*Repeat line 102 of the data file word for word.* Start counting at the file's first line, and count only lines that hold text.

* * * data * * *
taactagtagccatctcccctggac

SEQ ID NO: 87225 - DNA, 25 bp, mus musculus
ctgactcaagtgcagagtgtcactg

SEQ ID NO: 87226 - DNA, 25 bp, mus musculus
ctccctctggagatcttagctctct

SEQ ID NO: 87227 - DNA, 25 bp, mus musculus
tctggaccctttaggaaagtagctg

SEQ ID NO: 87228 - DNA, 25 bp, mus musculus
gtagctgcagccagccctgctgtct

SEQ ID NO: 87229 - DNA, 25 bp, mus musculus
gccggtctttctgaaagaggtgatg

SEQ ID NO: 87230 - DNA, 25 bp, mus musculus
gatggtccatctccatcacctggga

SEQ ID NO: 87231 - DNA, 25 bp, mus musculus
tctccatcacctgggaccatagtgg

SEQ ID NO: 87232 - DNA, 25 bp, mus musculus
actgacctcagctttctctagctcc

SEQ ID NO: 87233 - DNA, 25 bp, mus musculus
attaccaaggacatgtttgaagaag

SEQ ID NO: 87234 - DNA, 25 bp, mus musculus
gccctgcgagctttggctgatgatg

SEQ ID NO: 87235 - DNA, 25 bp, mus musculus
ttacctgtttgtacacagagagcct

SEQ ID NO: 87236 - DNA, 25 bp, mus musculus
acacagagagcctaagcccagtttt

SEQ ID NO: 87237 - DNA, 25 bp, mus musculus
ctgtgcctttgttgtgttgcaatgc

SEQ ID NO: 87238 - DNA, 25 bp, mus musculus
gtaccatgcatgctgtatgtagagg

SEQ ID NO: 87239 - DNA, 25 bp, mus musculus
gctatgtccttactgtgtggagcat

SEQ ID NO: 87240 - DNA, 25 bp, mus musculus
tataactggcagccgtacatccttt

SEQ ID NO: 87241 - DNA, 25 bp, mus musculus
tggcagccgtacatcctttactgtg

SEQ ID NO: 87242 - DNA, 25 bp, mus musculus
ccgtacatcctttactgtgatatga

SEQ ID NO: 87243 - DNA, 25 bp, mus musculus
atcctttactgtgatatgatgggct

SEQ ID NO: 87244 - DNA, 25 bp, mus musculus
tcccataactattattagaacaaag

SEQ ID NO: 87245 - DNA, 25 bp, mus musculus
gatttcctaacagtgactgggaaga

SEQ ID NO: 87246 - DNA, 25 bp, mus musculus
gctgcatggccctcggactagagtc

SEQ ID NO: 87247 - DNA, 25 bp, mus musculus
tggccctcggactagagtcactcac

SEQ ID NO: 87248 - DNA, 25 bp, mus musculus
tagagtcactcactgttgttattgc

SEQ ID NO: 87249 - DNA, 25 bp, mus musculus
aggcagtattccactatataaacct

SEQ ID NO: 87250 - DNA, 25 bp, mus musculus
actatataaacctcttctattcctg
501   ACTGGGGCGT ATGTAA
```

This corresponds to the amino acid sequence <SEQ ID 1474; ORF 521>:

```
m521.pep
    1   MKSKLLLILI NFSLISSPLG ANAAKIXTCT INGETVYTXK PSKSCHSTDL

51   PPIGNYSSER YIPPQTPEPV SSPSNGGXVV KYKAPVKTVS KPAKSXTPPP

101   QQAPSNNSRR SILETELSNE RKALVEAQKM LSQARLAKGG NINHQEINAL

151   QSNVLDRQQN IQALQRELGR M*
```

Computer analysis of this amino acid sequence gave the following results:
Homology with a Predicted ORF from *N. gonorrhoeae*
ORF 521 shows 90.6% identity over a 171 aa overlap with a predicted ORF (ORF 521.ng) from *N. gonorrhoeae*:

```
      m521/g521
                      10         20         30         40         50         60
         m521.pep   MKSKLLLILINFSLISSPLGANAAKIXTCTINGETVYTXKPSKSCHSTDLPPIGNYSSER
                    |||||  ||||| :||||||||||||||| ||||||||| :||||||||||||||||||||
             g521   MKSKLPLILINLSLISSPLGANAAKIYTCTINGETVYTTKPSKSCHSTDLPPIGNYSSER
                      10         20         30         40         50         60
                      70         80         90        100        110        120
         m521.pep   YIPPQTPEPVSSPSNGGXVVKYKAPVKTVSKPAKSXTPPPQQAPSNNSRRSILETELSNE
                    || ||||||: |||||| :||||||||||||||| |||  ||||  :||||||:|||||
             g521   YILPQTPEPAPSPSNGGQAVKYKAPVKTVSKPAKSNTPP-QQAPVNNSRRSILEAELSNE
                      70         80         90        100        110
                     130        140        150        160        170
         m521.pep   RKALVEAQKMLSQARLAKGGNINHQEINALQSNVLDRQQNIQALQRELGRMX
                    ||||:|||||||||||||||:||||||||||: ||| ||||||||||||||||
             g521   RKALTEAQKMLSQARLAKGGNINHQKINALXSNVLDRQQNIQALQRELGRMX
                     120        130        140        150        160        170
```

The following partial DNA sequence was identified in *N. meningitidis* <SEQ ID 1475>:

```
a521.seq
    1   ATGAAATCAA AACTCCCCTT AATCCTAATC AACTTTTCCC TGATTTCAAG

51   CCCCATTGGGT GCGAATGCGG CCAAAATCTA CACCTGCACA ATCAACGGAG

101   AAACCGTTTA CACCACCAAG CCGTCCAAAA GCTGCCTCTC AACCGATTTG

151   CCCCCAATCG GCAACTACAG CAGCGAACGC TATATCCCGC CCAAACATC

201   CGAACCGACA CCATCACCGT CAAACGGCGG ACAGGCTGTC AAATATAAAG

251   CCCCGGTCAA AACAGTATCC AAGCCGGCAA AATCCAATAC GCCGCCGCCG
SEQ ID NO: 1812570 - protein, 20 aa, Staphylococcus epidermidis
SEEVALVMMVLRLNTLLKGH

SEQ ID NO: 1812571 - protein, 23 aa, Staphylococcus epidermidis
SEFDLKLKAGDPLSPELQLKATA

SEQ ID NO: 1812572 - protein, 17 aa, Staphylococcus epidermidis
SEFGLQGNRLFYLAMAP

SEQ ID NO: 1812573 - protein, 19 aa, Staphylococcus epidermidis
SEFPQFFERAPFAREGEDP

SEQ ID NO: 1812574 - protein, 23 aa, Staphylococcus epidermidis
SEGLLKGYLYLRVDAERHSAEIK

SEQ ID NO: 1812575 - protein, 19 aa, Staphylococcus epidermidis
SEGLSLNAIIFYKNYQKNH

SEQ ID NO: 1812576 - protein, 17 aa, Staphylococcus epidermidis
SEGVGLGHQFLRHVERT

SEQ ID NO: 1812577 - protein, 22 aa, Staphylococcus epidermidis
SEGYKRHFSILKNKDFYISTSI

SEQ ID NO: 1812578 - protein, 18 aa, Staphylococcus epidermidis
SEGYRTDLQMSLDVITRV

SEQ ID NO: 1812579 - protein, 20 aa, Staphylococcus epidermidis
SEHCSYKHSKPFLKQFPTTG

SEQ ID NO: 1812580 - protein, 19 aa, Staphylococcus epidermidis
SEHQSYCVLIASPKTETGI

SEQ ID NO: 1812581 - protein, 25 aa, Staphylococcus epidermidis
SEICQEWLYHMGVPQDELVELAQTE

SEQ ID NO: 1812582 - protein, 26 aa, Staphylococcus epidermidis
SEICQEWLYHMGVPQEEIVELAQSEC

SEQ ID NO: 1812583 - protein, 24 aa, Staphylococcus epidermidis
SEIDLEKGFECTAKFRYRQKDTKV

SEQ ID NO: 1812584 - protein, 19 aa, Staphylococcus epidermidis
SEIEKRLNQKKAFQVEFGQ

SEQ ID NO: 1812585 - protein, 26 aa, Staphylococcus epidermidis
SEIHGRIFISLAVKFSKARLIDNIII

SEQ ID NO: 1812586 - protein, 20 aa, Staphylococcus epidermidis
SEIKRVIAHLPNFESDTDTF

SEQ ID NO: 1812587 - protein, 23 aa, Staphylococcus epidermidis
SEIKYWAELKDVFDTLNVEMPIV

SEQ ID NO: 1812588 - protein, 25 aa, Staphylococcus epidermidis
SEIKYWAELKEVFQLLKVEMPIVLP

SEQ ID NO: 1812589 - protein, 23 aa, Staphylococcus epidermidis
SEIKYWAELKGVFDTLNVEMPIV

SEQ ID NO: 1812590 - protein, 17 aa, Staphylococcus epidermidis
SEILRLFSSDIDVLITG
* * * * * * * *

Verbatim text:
SEQ ID NO: 1812574 - protein, 23 aa, Staphylococcus epidermidis